At the University of Amsterdam, Shir Hever, an Israeli economist at Jerusalem’s Alternative Information Centre, gave a series of lectures “Could the economic policies of Israel be considered a form of Apartheid?” At Glasgow University, Israeli anthropologist Jeff Halper, co-founder of the Israeli Committee Against House Demolitions, spoke on “Israeli Apartheid: The Case For BDS”. At the University of Liverpool, the Corporate Watch research group unveiled a new source book Targeting Israeli Apartheid. In London, a Beats Against Apartheid event included performances from hip-hop artists Lowkey, Mic Righteous and Awate.
British and Canadian politicians were furious. In Canada, the Ontario legislature unanimously condemned Israeli Apartheid Week. “If you’re going to label Israel as Apartheid, then you are also attacking Canadian values,” Conservative legislator Peter Shurman told Shalom Life. “The use of the phrase ‘Israeli Apartheid Week’ is about as close to hate speech as one can get without being arrested, and I’m not certain it doesn’t actually cross over that line.”
In the UK, thought police were called on to investigate comments made at Middlesex University’s Free Palestine Society IAW forum by Liberal Democrat Peer Jenny Tonge and former US marine Ken O’Keefe. O’Keefe is alleged to have incited racial hatred by comparing Jewish supporters of Israeli crimes to Nazis in their treatment of Jews. “The decent Germans of World War Two, what did they do when the Nazis came to power and instituted their policies? Did they do enough to stop the Nazis? No, they didn’t. What are the Jewish people doing right now? Are you doing enough to stop your racist, apartheid, genocidal state?” Baroness Tonge agreed with O’Keefe telling the audience at that Israel would “not last forever” and would “lose support, and then they will reap what they have sown”.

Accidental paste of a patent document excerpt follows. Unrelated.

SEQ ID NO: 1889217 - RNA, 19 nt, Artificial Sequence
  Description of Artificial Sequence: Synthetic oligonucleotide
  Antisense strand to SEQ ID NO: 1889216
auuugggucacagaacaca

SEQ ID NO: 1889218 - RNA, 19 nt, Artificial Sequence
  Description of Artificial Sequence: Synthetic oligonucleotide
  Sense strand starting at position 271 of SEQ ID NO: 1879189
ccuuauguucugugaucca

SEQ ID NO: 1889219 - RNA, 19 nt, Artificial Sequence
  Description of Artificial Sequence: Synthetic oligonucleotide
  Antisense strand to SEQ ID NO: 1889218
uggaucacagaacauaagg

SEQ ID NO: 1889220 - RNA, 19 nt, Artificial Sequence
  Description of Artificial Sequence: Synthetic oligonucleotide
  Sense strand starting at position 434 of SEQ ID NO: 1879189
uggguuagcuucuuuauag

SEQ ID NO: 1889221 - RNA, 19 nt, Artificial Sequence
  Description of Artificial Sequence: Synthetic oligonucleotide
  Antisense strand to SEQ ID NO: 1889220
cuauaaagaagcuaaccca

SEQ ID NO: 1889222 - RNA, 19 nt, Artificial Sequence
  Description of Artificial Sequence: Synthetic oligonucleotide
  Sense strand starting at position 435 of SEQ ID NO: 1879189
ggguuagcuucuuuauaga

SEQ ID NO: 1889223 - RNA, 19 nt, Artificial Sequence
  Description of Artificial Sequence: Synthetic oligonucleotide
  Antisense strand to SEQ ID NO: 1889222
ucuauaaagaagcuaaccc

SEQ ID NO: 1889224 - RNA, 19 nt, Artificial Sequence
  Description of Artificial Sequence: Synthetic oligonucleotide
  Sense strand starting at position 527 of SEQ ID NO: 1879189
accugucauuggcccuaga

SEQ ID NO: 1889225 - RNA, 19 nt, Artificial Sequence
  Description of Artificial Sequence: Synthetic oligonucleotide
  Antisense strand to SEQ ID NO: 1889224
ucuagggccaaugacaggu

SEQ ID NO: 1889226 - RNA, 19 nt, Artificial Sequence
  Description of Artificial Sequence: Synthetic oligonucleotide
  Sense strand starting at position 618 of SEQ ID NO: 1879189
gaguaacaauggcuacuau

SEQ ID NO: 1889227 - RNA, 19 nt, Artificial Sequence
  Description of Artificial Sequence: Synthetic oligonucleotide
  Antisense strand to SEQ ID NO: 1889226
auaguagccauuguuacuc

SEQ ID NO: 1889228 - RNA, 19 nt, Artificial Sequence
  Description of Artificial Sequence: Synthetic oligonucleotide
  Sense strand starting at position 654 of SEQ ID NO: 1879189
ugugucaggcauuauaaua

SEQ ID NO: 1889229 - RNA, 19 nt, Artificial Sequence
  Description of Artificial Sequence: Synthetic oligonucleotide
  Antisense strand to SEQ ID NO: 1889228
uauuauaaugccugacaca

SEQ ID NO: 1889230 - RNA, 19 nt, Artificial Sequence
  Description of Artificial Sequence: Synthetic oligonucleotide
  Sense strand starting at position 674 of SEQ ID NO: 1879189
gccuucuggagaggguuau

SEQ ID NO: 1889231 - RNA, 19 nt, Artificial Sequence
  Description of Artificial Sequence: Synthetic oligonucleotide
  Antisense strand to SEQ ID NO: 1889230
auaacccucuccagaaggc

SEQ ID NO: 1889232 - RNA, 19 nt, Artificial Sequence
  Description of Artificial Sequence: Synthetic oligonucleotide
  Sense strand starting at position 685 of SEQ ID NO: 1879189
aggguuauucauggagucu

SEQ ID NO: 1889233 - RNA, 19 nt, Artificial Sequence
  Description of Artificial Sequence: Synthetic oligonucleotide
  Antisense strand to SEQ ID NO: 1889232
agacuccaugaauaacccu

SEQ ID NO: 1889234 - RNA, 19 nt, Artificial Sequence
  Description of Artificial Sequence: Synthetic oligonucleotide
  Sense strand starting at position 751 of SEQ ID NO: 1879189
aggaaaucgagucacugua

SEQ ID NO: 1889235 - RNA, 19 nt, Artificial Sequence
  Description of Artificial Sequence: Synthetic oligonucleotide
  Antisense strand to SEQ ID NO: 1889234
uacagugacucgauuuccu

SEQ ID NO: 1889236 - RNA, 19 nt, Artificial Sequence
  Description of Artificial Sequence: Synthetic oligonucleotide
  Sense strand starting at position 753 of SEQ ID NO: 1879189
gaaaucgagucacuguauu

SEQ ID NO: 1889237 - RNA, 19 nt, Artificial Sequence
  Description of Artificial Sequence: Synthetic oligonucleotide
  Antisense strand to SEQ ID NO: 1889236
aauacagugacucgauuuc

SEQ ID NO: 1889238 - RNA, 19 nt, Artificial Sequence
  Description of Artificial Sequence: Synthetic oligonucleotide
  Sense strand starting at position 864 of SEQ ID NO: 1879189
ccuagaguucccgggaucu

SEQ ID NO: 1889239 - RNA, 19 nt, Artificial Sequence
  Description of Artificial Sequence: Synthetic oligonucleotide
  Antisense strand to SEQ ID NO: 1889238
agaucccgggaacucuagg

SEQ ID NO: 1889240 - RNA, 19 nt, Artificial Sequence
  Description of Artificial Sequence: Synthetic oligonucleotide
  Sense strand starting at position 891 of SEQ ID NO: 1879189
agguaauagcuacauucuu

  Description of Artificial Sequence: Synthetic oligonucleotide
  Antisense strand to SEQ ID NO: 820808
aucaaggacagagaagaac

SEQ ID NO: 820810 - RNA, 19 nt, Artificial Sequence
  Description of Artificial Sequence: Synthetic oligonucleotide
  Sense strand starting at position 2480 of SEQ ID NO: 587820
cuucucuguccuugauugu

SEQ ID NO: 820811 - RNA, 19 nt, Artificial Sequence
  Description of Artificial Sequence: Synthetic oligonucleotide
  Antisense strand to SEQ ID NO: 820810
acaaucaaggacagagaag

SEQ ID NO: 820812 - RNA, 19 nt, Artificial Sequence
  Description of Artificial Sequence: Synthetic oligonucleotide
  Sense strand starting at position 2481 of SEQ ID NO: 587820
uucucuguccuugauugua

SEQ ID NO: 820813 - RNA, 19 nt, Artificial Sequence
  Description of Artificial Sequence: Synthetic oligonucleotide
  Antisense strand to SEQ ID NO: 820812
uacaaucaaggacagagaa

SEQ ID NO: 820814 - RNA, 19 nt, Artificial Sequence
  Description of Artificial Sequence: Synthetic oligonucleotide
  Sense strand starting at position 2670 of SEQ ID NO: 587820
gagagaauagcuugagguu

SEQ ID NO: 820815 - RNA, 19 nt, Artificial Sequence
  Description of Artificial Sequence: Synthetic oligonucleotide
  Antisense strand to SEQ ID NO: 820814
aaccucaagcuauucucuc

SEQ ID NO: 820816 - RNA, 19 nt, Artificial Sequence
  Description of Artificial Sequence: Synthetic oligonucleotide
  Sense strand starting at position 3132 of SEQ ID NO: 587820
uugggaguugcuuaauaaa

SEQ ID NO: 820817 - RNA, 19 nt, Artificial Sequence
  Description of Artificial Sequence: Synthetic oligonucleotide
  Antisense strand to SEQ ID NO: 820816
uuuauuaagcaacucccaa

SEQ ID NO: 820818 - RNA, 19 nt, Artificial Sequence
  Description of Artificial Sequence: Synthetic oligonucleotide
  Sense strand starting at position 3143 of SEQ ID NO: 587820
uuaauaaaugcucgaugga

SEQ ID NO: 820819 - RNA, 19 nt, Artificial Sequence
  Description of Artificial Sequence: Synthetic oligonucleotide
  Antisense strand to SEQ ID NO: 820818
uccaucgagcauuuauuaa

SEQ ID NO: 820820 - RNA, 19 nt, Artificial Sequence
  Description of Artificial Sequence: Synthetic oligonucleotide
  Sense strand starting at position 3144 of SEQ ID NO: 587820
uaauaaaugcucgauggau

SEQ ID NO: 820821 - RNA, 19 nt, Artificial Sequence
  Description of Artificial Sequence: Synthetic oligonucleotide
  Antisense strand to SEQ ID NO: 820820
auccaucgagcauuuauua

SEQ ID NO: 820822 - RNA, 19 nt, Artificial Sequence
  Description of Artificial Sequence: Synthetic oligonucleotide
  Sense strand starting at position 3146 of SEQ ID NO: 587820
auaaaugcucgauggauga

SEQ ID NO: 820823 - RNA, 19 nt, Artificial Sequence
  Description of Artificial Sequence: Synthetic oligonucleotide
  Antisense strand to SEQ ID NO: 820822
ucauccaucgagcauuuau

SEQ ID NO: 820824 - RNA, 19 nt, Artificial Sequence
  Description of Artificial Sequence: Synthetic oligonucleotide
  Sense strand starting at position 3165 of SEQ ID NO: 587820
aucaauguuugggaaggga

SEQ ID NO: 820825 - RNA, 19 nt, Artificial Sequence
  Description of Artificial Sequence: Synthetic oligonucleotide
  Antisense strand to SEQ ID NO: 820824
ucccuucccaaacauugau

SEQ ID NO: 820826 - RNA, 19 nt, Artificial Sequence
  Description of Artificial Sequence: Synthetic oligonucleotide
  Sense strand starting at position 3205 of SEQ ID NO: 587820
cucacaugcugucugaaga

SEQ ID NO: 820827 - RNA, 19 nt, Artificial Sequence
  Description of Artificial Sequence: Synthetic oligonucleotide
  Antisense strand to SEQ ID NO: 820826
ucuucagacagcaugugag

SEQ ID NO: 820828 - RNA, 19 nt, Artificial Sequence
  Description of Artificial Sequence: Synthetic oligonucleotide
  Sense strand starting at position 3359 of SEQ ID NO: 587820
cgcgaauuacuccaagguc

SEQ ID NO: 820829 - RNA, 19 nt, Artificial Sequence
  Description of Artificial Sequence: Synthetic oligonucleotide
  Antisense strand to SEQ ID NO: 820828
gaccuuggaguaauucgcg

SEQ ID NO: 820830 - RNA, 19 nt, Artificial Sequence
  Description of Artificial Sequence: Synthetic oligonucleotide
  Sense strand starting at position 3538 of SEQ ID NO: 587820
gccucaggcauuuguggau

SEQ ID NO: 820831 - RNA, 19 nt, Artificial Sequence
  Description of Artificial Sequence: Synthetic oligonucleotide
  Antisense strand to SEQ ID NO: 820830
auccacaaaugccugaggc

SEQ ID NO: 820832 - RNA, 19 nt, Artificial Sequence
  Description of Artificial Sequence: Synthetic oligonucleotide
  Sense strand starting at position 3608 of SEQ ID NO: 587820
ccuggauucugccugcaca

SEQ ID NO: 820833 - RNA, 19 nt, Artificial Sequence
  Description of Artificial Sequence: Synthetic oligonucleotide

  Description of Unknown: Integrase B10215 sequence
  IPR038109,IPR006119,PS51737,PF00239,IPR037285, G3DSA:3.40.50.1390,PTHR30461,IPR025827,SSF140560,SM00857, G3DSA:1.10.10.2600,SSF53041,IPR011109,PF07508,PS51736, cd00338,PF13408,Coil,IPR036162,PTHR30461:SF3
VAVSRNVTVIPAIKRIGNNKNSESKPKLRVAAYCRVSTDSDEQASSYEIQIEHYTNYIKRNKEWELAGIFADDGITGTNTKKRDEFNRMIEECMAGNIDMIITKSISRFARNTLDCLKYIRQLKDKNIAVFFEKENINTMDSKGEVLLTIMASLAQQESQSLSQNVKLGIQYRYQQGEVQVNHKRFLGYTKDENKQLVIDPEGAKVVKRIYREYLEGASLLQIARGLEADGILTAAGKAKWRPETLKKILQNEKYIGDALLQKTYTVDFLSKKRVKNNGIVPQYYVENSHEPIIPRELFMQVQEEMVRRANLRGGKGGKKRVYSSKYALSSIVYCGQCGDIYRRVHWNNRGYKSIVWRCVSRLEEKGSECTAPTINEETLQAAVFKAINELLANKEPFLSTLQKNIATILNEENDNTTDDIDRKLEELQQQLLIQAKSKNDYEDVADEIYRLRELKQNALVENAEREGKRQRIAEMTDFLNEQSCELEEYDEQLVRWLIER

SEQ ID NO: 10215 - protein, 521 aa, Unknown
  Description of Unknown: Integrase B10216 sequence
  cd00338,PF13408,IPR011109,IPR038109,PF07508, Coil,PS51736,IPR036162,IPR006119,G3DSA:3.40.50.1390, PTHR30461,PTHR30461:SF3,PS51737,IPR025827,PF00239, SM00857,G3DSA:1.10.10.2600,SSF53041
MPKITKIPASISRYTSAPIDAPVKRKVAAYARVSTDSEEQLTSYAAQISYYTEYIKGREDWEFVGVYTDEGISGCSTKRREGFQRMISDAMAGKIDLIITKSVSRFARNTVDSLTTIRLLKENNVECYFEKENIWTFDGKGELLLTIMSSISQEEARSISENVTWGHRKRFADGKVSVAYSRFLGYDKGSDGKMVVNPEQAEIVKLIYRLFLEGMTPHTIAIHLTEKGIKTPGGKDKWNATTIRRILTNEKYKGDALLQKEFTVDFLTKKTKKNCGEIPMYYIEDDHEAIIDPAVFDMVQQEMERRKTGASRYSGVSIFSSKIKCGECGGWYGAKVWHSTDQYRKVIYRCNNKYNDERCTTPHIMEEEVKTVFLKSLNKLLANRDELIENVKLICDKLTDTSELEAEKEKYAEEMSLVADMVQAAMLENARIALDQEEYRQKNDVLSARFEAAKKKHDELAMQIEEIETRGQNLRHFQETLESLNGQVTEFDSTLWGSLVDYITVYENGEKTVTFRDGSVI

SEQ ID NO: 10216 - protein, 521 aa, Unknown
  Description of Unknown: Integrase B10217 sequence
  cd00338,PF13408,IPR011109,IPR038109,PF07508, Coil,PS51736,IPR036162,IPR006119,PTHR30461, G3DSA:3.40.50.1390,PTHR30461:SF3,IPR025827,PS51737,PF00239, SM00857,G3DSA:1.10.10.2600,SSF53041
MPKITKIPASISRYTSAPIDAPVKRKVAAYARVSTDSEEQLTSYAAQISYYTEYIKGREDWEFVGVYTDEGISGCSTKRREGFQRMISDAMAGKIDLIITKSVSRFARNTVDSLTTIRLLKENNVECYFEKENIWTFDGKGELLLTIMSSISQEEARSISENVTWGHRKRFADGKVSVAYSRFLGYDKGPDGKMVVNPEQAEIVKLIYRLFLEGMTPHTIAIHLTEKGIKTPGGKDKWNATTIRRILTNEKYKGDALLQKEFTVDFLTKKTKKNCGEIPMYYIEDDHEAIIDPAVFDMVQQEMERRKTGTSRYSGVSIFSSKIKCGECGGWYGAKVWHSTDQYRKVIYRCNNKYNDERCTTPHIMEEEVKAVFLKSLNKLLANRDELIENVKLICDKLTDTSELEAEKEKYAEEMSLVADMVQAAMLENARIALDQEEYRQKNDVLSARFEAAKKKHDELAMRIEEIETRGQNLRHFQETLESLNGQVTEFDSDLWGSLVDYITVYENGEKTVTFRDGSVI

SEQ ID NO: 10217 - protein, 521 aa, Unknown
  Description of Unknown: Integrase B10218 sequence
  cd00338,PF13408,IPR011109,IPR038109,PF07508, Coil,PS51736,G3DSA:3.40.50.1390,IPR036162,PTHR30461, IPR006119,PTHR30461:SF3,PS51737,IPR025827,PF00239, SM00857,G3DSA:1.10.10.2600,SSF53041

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Canadian Eric Walberg is known worldwide as a journalist specializing in the Middle East, Central Asia and Russia. A graduate of University of Toronto and Cambridge in economics, he has been writing on East-West relations since the 1980s.
He has lived in both the Soviet Union and Russia, and then Uzbekistan, as a UN adviser, writer, translator and lecturer. Presently a writer for the foremost Cairo newspaper, Al Ahram, he is also a regular contributor to Counterpunch, Dissident Voice, Global Research, Al-Jazeerah and Turkish Weekly, and is a commentator on Voice of the Cape radio.